Teicher: It's difficult to fault the Chargers' efforts. In going 1-2 in the draft with a cornerback, TCU's Jason Verrett, and a pass-rusher, Georgia Tech's Jeremiah Attaochu, the Chargers tried to make the necessary repairs. But Verrett is small and probably best suited to playing nickelback. If that's where he plays, he's a part-timer. As for Attaochu, it's unusual for rookie pass-rushers to come in and have a huge immediate impact, particularly those who aren't selected near the top of the draft. It's not wise for the Chargers to count on a lot from him as a rookie.

Williams: San Diego's first two picks in this year's draft, cornerback Jason Verrett and edge rusher Jeremiah Attaochu, should make an impact in their rookie seasons, upgrading a defense that finished No. 29 against the pass in 2013. Verrett is still rehabbing from surgery to repair a torn labrum and likely won't be cleared to practice until August. But San Diego plans on getting him on the field quickly and can use his tenacity and speed in the back end. Attaochu gives the Chargers much-needed speed off the edge defensively. But besides those two, San Diego's defense should improve against the pass because of a healthy Dwight Freeney and Melvin Ingram providing a more consistent pass rush in 2014.


Fourth Down

Will the Raiders' plan to take a play from the Packers -- having their QB of the future (Aaron Rodgers) sit behind the starter (Brett Favre) for a few seasons -- come to fruition, or will Derek Carr supplant Matt Schaub as Oakland's starter this season?



Gutierrez: Stop me if you've heard this before, but this was also Oakland's plan last year ... so to speak. The Raiders acquired Matt Flynn to be their franchise QB and had designs on drafting Matt Barkley before taking Tyler Wilson instead. Terrelle Pryor and Matt McGloin eventually split the gig and neither Flynn nor Wilson made it to the end of the season, while Pryor was traded away in April. This time, though, the Raiders insist they have it right, with coach Dennis Allen going so far as to say that Schaub is a top-10 quarterback in the NFL. They better be right. Because if Carr takes any significant snaps this season, that means something went terribly wrong with Schaub, a two-time Pro Bowler who passed for more than 4,000 yards three times between 2009 and 2012 but is coming off a nightmarish season with the Houston Texans. And after last year's fiasco under center, the brain trust of general manager Reggie McKenzie and Allen can ill afford another such dud. Unless, of course, Carr does supplant Schaub and is the second coming. But that would be dumb luck, and that's not Oakland's plan ... at the moment.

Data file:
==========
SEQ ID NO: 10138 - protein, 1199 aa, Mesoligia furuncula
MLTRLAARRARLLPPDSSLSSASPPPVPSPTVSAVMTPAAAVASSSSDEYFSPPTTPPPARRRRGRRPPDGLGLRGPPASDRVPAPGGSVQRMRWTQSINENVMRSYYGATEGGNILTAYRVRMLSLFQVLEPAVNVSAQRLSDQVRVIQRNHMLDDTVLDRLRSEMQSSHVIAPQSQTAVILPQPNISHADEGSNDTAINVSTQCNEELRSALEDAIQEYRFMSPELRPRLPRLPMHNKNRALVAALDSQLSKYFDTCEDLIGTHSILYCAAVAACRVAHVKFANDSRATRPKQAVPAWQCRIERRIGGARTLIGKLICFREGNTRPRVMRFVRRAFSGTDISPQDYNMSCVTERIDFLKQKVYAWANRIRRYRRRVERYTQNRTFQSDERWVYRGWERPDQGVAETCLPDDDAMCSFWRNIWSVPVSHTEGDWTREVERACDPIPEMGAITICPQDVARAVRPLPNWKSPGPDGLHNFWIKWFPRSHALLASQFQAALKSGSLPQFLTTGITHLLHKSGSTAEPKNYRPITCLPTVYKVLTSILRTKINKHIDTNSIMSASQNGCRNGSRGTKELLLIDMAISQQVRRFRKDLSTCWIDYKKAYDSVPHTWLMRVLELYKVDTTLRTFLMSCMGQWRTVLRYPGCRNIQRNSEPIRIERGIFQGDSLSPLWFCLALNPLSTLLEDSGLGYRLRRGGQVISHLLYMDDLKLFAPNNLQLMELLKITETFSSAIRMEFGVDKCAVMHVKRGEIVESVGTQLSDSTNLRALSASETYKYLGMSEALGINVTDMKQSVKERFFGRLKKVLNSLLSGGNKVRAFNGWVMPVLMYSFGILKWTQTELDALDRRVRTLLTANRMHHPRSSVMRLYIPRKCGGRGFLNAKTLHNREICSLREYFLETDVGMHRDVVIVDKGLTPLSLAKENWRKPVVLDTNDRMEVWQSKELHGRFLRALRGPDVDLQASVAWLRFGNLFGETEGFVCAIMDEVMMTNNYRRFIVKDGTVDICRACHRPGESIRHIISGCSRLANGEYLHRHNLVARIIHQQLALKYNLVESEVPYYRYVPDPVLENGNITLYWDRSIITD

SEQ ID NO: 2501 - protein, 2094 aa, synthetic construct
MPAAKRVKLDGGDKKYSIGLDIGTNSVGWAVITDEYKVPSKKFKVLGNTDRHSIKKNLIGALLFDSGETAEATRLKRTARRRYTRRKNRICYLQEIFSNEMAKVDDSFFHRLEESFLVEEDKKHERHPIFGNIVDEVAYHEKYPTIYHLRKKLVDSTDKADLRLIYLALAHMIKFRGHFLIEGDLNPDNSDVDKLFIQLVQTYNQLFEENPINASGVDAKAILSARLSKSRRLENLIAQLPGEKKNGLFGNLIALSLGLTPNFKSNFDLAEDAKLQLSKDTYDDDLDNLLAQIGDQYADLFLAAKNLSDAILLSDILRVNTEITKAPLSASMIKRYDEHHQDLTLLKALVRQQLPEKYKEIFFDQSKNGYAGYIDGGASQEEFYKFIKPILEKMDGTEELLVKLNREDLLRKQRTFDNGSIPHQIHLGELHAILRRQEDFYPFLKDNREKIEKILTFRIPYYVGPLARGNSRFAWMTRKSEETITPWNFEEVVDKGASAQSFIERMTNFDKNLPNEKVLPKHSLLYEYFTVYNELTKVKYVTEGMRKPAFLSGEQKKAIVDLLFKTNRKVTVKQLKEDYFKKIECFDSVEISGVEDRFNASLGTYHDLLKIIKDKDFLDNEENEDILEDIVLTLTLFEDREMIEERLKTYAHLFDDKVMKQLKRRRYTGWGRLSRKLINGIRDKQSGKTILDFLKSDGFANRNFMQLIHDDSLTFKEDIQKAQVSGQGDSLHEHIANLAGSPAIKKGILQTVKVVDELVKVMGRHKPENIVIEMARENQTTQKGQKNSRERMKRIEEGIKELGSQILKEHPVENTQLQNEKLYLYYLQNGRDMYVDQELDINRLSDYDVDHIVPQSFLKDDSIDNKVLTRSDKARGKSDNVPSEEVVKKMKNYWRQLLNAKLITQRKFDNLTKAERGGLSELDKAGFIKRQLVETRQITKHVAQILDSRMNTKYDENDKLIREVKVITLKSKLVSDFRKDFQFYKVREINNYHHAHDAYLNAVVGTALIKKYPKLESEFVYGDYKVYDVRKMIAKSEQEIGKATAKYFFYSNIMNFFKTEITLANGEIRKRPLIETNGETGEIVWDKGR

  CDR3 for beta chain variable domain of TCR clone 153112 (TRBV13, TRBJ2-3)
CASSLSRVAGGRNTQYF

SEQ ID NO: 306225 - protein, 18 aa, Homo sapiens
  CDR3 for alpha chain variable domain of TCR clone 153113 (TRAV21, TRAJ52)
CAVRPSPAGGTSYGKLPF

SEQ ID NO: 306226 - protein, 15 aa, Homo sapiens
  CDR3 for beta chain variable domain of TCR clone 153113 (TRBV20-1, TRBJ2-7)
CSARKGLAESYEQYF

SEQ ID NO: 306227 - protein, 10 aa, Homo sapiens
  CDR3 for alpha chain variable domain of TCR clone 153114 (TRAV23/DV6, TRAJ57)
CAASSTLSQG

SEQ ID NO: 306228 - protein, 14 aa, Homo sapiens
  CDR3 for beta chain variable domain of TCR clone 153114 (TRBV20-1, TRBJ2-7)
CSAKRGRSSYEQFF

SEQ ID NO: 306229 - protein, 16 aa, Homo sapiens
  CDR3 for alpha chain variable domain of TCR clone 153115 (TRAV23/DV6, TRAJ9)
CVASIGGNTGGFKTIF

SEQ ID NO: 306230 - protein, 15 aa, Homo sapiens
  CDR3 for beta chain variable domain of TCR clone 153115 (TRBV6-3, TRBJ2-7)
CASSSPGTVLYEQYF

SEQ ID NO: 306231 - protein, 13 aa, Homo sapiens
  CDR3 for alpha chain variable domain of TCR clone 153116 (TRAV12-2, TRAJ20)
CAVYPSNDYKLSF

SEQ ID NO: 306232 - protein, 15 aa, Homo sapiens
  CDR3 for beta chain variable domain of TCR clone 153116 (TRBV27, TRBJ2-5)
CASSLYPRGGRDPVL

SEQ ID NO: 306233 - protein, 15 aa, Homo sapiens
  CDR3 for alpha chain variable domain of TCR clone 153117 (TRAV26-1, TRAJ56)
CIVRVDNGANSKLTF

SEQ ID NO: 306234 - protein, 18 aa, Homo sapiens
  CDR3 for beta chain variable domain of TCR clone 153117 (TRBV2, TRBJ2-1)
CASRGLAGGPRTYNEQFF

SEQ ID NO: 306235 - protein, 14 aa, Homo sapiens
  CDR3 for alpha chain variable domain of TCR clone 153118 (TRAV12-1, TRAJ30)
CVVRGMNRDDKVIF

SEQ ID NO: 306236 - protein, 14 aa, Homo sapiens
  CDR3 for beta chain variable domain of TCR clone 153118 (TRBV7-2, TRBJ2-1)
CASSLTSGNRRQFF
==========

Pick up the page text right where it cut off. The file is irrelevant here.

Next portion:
Legwold: Coach Dennis Allen has consistently said he believes Schaub is a top-10 quarterback. But his actions this season will show whether he really believes that or not. The Raiders certainly drafted Carr with the idea he could be the quarterback of the future. But that means the Raiders will have to have organizational discipline to live with the plan. That means avoiding a knee-jerk reaction to public sentiment if Schaub makes mistakes, and keeping Carr on the bench. If the plan is for him to watch and learn, then stick to it; let him watch and learn no matter what is going on around the team. If the Raiders have some success and Schaub can rise above the mistakes, it will be far easier to keep Carr next to a clipboard rather than behind center.